Sunday, November 5, 2017

"Independence" by Chameleon Theatre Circle at Bloomington Civic Theatre

Having parted ways with the Ames Center in Burnsville, Chameleon Theatre Circle is spending their 20th season at various locations north of the Minnesota River. Which, as a Northeast suburbs dweller, makes me happy. Because they've got a great line-up this season, including the rarely produced musical Chess, coming to the new Gremlin space in St. Paul next month, and the cult favorite Little Shop of Horrors at the Sabes JCC next spring. But first, they're opening their season with the family drama Independence, by Playwrights' Center core writer Lee Blessing. Playing in Artistry's Black Box theater (opposite the sold out Music Man), it's an intense, intimate, and well done look at a family dealing with mental illness, unwanted pregnancies, separation, and years of pain.

The play begins when oldest sister Kess (Ariel Leaf) returns home to the small town of Independence, Iowa from her academic job and girlfriend in Minneapolis. Middle sister Jo (Kira Pontiff) has called her home for an emergency, which turns out to be that she's pregnant, and their unstable mother Evelyn (Kim Greene) is not happy about it. Kess hasn't been home in four years, when youngest sister Sherry (Amanda Chial) was then 15 and pregnant, and Kess had their mother admitted to the local mental health institute, where she now volunteers. Since then it's fallen on Jo to take care of the family, Kess having escaped, and Sherry counting the days until high school graduation when she can move out. Kess decides to stay longer than the planned weekend to try to reconnect, bring the family together, and make plans for the future. It's a difficult situation and they're all just trying to do the best they can. This isn't a play in which things are wrapped up neatly at the end, it's a peek into the life of a family living with mental illness,* a life and a struggle that continues on after the play's end.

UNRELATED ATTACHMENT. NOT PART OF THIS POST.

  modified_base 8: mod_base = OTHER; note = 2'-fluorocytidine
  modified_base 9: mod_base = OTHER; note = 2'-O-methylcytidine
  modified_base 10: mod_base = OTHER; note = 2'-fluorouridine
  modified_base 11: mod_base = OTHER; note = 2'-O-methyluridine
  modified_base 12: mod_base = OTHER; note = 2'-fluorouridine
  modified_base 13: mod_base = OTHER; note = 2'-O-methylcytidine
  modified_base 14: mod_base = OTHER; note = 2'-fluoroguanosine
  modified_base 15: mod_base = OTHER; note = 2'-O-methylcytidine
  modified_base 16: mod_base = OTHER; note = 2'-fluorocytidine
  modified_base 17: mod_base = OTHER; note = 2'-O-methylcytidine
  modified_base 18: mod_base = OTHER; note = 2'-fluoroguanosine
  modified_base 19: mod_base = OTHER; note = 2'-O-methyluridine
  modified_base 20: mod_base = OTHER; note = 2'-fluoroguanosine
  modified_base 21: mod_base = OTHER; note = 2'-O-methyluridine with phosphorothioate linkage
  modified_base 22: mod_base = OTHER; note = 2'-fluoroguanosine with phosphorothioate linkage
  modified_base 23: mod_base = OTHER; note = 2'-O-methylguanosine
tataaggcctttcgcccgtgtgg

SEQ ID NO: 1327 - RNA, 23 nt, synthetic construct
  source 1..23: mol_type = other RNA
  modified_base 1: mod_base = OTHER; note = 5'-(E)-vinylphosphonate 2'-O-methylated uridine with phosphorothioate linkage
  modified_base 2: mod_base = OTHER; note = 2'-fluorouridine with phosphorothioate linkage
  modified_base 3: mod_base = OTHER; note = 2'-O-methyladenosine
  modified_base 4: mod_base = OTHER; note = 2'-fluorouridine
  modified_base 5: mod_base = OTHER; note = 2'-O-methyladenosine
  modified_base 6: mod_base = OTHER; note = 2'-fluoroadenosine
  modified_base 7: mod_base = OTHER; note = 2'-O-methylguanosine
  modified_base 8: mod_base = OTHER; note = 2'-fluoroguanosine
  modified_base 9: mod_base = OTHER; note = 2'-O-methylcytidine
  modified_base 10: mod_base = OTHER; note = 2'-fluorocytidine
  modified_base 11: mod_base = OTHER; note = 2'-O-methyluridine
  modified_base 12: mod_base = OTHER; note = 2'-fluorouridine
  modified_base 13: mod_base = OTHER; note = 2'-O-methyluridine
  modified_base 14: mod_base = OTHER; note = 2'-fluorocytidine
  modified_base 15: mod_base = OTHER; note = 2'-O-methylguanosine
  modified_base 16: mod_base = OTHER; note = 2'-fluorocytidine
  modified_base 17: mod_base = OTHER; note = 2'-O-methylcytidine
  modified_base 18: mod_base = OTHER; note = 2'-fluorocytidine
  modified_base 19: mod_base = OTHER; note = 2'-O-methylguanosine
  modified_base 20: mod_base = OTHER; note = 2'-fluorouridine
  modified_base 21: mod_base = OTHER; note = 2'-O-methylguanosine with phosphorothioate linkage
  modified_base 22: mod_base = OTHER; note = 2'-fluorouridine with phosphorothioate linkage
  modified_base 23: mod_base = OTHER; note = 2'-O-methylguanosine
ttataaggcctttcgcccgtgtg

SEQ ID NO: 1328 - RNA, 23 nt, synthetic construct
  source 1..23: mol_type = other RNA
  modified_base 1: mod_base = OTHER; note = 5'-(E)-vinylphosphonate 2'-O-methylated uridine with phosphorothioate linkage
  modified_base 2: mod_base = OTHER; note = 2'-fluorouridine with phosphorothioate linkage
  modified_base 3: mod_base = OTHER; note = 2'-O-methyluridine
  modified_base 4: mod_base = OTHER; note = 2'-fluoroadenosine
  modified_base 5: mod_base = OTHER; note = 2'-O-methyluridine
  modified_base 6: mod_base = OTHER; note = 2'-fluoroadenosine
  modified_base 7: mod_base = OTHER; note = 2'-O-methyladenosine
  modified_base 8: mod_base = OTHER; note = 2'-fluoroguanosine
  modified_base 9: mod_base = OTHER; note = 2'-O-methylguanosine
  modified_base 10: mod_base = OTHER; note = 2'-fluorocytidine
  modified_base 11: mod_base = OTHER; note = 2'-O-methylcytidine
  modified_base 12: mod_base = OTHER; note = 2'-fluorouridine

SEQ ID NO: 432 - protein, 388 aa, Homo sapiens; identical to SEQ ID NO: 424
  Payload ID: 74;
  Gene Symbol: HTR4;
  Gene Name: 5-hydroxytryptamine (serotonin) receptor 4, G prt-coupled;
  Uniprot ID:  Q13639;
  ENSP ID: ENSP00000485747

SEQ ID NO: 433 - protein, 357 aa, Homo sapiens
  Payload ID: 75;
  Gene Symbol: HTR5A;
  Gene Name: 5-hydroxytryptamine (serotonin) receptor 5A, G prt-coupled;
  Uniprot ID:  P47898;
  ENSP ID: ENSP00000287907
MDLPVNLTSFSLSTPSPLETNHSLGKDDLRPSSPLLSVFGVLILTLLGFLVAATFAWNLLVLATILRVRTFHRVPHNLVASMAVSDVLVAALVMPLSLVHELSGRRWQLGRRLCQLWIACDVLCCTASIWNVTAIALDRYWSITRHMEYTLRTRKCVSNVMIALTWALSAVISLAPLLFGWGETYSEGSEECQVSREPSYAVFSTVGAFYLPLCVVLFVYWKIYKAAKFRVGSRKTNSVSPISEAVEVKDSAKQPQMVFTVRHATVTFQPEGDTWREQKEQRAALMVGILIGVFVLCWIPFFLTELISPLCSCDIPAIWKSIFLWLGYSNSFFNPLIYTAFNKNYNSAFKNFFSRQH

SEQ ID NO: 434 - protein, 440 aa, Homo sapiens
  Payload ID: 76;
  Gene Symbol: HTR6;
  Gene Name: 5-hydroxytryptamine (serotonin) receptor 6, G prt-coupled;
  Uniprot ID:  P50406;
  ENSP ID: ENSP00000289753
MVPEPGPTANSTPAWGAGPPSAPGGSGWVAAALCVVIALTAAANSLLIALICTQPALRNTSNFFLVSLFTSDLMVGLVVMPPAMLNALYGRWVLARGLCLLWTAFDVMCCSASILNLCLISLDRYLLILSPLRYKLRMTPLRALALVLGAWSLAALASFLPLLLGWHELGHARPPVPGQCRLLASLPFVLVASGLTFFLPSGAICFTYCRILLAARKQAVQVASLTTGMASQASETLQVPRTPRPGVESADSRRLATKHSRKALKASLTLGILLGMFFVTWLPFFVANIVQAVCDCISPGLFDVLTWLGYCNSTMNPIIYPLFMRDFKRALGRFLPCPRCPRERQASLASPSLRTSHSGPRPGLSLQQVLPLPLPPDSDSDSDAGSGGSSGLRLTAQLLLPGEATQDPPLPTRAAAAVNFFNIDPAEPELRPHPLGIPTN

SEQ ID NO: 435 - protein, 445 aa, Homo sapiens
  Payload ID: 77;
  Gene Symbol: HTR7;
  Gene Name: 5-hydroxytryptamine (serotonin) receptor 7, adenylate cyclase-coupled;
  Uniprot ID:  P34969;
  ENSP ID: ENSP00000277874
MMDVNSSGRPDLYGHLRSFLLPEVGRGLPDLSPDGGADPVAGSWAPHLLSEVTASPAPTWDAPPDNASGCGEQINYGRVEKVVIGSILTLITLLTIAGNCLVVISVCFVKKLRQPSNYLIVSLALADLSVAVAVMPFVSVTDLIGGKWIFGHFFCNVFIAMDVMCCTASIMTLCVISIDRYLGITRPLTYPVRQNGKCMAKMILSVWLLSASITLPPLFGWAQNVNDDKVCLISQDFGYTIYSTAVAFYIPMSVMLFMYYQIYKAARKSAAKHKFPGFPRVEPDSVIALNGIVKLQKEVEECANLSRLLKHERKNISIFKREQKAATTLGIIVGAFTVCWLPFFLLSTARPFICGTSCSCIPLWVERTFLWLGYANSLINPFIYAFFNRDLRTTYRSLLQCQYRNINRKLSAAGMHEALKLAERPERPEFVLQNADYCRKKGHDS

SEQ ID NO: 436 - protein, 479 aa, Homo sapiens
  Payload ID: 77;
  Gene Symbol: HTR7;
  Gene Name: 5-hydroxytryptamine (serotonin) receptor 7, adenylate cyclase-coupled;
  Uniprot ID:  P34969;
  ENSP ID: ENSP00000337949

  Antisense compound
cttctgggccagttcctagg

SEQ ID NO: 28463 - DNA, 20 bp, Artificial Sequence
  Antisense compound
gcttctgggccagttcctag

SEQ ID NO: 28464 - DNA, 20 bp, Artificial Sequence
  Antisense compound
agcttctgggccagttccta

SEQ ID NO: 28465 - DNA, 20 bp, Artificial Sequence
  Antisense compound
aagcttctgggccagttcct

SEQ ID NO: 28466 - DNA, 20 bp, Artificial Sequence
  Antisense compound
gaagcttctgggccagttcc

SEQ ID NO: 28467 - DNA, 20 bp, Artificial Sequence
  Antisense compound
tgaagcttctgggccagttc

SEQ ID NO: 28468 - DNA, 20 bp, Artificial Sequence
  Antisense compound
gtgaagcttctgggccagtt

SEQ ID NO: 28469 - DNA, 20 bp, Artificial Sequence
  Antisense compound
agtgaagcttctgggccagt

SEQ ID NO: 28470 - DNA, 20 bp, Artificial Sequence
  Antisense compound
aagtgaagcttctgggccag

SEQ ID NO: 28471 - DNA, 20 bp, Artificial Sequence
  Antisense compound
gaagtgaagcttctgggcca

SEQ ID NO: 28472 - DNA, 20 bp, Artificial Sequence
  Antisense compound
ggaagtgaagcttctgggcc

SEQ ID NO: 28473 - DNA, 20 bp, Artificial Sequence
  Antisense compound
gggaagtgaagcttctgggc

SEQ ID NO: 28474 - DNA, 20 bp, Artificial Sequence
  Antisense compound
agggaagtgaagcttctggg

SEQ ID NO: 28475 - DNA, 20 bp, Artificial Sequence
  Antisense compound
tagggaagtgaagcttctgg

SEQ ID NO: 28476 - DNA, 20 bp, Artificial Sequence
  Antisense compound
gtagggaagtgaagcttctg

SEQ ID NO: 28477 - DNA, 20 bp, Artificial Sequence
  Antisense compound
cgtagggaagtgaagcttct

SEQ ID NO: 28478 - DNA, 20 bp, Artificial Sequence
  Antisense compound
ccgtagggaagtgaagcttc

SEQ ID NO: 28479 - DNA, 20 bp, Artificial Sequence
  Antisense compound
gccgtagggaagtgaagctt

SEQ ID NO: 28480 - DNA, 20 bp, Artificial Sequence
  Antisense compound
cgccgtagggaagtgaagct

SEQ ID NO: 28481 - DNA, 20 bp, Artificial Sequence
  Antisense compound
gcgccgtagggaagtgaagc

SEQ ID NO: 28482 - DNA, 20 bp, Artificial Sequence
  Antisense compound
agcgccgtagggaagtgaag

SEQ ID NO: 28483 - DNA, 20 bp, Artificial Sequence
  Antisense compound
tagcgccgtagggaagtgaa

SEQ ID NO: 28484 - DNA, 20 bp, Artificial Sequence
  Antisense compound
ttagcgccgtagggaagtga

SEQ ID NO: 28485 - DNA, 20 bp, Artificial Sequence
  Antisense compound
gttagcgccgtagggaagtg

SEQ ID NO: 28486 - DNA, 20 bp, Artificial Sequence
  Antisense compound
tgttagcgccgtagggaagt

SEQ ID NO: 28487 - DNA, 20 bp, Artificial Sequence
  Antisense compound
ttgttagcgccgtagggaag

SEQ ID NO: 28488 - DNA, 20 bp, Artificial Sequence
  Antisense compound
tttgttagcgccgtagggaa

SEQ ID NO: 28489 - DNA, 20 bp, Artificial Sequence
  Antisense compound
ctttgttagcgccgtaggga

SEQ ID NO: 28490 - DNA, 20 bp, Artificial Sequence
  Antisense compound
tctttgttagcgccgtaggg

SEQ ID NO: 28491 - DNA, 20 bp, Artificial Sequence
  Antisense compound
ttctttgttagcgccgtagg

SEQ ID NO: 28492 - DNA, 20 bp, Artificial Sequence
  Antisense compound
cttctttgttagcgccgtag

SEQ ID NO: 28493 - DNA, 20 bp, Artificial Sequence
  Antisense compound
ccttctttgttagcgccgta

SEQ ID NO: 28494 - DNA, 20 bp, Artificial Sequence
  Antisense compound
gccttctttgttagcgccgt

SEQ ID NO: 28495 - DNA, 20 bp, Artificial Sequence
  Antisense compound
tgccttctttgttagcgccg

sisters (Amanda Chial, Ariel Leaf, and Kira Pontiff)
The family drama unfolds in a house that's merely the frame of a house, with see-through walls and neat but shabby lived-in furniture (set design by Madeline Achen). In the intimate space of the Black Box theater, you're almost uncomfortably close to this dysfunctional family. Everyone in the four-person cast, directed by Callie Meiners, is so believable in their roles, and believable as a family. Each creates a distinctly different character, all flawed and very human. All of these characters are struggling to find independence, or think they've already found it, but can't seem to leave their family and their shared past behind. They're codependent in Independence.

Independence continues through November 12. If you like intense and thorny family drama, this show's for you. And although it's written by a man, it's pretty great to see four women on stage directed by a woman.


*For more on the portrayal of mental health concerns in theater, and the inclusion of artists and patrons with mental health concerns in #TCTheater, please come to the Twin Cities Theater Bloggers' next monthly conversation (more info here).

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